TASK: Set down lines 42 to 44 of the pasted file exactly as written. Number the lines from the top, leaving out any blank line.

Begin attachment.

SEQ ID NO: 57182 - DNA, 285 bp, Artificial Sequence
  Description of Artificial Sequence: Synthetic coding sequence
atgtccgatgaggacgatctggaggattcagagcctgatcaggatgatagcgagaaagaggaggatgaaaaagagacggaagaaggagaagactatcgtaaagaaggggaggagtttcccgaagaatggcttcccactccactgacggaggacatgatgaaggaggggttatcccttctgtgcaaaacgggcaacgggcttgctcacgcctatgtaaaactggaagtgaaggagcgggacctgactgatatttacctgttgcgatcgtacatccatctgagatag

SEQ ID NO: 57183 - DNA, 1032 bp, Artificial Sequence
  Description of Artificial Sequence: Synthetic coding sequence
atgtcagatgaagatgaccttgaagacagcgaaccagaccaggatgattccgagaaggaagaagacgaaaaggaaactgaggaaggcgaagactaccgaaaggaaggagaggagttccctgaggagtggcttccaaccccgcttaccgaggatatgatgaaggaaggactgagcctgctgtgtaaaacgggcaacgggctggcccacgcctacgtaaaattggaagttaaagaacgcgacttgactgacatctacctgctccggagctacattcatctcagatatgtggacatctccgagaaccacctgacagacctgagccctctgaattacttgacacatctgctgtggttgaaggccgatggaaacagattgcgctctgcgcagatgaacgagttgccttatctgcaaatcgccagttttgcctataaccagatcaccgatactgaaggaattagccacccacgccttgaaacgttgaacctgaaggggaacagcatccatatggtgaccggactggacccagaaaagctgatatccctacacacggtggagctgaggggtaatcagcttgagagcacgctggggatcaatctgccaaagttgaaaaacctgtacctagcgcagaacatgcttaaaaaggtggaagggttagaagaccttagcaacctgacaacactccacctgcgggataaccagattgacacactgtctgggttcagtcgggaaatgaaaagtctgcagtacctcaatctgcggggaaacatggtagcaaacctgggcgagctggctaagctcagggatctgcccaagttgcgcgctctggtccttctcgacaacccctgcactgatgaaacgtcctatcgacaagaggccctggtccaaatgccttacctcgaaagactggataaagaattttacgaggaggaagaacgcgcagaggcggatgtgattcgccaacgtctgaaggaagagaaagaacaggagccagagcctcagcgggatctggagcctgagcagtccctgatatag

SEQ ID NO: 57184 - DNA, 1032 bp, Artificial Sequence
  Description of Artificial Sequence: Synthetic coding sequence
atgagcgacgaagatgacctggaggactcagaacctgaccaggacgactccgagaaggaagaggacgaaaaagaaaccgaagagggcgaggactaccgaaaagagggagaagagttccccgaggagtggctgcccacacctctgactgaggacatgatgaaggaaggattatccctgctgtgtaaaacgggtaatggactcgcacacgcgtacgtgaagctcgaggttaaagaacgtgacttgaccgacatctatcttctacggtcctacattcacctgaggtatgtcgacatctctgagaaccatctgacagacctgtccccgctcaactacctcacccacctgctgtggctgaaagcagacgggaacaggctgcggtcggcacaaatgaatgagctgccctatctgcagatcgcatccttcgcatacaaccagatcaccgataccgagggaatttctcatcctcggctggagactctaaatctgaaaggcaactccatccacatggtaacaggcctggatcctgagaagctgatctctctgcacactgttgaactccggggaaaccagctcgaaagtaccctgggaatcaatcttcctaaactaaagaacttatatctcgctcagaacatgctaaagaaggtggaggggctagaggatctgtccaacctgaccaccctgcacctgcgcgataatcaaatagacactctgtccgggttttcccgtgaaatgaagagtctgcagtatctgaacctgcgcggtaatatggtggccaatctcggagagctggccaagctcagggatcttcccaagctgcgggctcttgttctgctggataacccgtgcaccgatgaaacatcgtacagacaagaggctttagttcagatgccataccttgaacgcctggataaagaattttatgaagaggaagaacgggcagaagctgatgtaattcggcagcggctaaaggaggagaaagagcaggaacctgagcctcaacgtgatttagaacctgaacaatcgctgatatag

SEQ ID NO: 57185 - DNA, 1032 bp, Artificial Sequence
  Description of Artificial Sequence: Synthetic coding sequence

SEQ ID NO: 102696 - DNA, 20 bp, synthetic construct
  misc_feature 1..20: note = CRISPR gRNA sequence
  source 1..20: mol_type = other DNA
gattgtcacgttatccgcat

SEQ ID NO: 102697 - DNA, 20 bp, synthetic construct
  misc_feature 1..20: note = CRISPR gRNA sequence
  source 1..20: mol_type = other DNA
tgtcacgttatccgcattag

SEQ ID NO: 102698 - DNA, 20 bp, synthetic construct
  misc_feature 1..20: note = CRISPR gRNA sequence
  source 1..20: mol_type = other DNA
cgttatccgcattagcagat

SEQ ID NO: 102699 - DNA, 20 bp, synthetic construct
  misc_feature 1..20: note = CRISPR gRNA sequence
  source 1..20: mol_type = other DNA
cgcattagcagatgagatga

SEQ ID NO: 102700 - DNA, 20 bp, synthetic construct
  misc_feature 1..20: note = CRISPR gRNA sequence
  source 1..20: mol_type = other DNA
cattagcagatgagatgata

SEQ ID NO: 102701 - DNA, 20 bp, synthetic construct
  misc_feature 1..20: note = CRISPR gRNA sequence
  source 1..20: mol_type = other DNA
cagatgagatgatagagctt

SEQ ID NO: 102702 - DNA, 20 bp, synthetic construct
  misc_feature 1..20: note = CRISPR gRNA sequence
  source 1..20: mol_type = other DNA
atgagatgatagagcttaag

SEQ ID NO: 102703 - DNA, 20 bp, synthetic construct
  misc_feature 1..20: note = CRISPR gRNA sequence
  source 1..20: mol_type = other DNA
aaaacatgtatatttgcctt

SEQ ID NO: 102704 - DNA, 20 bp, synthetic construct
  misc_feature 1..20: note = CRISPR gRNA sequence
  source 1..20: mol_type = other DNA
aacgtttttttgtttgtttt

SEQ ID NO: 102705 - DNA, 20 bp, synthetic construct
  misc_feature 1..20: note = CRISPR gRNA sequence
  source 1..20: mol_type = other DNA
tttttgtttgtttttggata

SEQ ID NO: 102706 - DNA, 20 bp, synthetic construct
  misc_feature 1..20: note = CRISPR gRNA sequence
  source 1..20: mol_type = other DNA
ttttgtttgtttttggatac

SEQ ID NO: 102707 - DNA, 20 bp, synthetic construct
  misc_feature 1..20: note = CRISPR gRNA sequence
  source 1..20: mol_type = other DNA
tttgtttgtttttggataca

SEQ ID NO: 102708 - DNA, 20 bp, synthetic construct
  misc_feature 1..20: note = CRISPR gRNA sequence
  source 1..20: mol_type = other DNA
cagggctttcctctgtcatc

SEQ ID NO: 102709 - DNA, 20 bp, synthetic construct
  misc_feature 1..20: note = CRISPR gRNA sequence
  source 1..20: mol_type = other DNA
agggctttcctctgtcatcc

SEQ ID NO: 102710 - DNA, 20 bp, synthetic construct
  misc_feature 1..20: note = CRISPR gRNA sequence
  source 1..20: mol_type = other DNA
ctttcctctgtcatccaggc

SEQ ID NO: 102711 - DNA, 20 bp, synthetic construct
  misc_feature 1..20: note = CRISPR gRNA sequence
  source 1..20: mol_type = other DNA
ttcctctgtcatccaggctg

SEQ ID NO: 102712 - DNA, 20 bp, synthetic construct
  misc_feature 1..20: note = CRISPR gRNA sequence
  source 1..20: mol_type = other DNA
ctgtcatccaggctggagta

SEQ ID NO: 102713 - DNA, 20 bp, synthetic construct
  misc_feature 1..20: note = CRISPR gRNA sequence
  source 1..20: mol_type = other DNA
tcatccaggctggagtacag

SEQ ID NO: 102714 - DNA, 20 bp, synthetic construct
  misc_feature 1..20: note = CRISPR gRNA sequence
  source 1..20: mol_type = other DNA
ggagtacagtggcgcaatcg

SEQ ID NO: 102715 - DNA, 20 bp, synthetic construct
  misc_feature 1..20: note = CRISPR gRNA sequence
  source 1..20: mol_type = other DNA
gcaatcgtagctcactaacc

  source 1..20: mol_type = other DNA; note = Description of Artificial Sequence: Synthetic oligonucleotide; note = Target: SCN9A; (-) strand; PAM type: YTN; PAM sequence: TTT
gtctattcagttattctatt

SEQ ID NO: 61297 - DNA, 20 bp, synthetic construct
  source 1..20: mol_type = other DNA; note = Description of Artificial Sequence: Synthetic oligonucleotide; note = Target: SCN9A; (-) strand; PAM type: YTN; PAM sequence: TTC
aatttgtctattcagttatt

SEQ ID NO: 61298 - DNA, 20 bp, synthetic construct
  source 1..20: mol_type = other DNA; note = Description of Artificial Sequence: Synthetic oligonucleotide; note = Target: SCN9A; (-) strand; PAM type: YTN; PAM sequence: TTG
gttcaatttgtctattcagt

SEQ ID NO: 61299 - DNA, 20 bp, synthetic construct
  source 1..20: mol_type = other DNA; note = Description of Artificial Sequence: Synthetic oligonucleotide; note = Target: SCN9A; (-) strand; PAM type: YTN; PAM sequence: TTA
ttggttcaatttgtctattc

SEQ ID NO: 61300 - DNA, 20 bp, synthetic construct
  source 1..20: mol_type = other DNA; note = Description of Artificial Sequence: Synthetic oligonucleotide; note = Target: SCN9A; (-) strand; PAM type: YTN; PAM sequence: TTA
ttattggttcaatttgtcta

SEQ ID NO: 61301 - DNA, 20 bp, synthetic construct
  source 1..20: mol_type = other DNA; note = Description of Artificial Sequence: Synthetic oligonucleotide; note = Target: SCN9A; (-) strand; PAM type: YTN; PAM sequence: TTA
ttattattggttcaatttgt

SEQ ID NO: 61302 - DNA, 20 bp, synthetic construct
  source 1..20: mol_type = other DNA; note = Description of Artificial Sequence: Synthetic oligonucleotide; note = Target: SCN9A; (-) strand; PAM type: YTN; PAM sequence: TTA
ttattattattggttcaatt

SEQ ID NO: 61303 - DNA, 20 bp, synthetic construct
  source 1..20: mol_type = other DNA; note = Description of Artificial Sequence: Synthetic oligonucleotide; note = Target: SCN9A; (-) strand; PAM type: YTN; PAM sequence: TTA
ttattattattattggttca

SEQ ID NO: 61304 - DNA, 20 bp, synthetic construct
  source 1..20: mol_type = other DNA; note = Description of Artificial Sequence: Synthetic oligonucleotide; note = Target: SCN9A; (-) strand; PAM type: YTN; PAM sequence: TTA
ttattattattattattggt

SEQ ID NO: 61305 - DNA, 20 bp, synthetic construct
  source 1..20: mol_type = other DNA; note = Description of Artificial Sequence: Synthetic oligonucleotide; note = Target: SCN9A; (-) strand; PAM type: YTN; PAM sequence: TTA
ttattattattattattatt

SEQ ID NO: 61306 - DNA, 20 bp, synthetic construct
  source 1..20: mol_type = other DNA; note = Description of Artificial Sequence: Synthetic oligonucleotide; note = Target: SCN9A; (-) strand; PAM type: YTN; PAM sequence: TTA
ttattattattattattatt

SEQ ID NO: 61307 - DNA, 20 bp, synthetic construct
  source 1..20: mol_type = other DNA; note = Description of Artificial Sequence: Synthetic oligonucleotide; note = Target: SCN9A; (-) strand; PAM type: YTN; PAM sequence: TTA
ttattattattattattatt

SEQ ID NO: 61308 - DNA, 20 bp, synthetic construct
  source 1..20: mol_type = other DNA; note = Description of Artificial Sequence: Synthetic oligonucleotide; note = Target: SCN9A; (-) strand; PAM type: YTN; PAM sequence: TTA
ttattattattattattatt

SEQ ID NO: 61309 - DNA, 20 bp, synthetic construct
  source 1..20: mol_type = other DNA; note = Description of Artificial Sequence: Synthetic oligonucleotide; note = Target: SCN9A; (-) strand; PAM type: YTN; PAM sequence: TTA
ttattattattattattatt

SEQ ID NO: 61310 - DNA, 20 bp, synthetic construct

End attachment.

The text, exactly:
  source 1..20: mol_type = other DNA
aaaacatgtatatttgcctt

SEQ ID NO: 102704 - DNA, 20 bp, synthetic construct